Vol. 1 (2019): Body/Politics

That's What We Said logo


 I am so excited to have you join us.

 That’s What [We] Said was conceptualized in September 2018. After months of meeting, careful decision making, and lots of resourcing, we have finally made this journal a reality! Our title, “That’s What [We] Said,” plays on the phrase “That’s What She Said,” a common expression used to denigrate female speech. “We” is the provisional replacement of the commonly used “she” in the phrase, illustrating our desire to challenge stereotypes and assumptions that surround gender studies. Our name is an act of reclamation.

We are a collective that seeks to deconstruct stereotypes, assumptions, and boundaries about gender, women, biology, bodies, race, sexuality, geography, religion, nationality, identity, and everything in between. We acknowledge and draw attention to the unceded Syilx Okanagan territories that we write and publish from.

The mission of That’s What [We] Said is to challenge social norms, facilitate a creative platform for an intersectional feminist discourse, and offer an approachable commentary.  We believe that one of the strong suits of the Gender and Women's Studies program is that it is accessible across disciplines. We seek to amplify the voices of people from various backgrounds and to provide them with a space to be critical and creative. In so doing, we hope to deepen our connections with one another, acknowledging that community counters isolation.

This first edition is titled Body/Politics. Each written submission is from an editor and reflects a different commentary on the body and or/politic(s). “Body politics” refers to both the systemic regulation of bodies, the uneven decision making by those with power sustained through culture (Griffin); as well as “politic,” a political collective (OED, “body politic”).

This edition kicks off with Stephanie Awotwi-Pratt’s collection of poetry, followed by our featured artists: Moozhan Ahmadzadegan and Ari Sparks. The article section starts off with a critique of dress codes by Claire Feasby. Kenya Gutteridge then undertakes a close reading of Mad Max: Fury Road.  Allison Brown analyzes constructions of the body politic and suggests how it can be rethought. Radia Mbengue follows with an article on reproductive exploitation and the black woman’s body. Wrapping up this edition is Tayana Simpson’s article on the body as a site of struggle in politics.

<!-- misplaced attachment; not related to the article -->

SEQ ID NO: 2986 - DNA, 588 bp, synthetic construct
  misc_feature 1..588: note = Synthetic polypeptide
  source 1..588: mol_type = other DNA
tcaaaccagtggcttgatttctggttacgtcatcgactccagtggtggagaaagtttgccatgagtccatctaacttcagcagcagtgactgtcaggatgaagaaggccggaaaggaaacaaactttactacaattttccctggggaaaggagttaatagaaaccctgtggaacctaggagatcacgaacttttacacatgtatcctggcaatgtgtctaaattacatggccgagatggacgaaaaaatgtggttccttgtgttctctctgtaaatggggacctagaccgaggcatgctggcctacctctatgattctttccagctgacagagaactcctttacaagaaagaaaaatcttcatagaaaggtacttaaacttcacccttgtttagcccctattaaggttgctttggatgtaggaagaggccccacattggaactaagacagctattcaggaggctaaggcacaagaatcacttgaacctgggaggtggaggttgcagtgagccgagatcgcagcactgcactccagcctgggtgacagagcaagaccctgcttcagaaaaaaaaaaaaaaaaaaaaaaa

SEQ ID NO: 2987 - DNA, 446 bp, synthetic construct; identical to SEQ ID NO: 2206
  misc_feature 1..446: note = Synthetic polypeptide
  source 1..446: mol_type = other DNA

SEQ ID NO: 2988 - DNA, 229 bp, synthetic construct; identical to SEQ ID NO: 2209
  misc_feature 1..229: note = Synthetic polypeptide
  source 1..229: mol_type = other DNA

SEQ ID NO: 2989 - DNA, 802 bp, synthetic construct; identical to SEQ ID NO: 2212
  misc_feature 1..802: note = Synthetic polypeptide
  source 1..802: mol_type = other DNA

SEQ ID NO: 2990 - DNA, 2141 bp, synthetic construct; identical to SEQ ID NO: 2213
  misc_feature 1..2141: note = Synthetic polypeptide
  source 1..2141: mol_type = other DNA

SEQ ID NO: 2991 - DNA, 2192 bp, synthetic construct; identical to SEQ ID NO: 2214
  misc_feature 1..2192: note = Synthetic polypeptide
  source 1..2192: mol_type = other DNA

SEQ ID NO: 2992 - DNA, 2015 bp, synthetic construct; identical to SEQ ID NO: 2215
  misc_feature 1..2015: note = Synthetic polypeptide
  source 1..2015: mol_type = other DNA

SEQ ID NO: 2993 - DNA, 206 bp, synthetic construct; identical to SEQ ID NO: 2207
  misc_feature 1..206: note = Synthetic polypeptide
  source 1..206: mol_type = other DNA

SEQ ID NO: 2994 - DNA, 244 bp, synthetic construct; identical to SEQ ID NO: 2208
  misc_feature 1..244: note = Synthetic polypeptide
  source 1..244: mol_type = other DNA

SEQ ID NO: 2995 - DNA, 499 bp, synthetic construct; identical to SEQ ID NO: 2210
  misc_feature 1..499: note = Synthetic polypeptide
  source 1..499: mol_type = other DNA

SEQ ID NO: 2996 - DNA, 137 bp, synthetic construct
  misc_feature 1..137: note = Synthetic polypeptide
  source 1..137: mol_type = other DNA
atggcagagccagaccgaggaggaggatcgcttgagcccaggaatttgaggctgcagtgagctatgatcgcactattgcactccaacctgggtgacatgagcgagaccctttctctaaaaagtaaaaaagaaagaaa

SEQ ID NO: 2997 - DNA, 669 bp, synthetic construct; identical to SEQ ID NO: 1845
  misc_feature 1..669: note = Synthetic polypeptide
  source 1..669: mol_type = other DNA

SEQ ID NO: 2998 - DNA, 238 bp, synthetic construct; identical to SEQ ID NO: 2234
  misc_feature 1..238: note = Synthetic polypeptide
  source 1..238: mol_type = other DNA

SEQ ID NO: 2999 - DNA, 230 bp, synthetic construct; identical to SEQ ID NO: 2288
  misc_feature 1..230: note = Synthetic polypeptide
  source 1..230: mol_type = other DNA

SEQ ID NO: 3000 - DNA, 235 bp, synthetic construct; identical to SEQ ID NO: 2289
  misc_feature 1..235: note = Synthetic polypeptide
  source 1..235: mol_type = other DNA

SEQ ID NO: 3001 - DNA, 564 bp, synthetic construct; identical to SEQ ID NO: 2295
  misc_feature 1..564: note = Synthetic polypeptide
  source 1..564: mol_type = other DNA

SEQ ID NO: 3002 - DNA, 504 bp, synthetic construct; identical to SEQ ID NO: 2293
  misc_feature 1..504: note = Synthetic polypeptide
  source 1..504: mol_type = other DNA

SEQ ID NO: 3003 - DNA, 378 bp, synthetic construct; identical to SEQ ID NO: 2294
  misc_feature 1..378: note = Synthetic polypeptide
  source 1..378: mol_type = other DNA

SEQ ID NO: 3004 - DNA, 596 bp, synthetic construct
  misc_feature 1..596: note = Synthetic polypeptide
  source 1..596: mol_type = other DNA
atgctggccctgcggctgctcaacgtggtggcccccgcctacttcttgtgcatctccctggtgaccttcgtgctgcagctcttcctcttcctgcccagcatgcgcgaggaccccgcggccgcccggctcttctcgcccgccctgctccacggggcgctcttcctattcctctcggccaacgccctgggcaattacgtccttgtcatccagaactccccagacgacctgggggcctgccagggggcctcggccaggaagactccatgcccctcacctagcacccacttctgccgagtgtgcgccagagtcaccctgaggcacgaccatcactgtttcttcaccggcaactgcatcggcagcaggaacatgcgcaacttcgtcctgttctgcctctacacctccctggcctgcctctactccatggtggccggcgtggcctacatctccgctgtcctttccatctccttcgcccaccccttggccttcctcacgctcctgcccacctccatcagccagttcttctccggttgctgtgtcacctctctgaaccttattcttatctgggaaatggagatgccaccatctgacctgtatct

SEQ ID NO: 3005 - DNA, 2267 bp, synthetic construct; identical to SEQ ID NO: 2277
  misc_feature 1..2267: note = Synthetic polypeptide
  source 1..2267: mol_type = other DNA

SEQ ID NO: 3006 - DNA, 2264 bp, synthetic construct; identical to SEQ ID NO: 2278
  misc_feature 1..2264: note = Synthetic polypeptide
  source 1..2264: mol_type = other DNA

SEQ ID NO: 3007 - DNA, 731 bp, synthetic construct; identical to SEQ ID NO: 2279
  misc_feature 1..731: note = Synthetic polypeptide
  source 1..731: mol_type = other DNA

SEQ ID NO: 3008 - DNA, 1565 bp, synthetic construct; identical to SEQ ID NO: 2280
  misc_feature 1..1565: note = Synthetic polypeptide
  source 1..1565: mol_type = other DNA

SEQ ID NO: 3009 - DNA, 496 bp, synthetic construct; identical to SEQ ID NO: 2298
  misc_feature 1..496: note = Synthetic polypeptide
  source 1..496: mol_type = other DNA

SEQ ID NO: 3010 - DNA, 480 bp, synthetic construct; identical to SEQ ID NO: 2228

I hope you can learn and ask questions with us.  As part of an open source platform, we seek accessibility and hope that our journal is applicable to daily lives and academic scholarship. We know that feminism is not limited to one realm of society but rather takes place in all areas.

This journal would not be made possible without the help and guidance from the faculty at the University of British Columbia Okanagan Campus, including Lori Walter, the Scholarly Communication Librarian at The University of British Columbia Okanagan Campus; and Alison Conway, Professor of English and Gender and Women’s Studies. Acknowledgements are also due to Matthew Brown, who designed the That’s What [We] Said Logo. Thank you. And thank you, reader, for journeying with us. I hope you enjoy the journal as much as we do.



Christine Fedusiak

Editorial staff

Christine is a second-year student pursuing her Bachelor of Arts in Gender and Women’s Studies at the University of British Columbia Okanagan. She previously worked as a birth and postpartum doula in Vancouver. Christine is passionate about reproductive healthcare and loves to knit.


Griffin, Gabriele. "body politics." A Dictionary of Gender Studies. Oxford University Press, January 01, 2017. Oxford Reference. Date Accessed 17 Feb. 2019

"body politic, n." OED Online, Oxford University Press, December 2018, www.oed.com/view/Entry/273303. Accessed 17 February 2019.

Published: 2019-03-08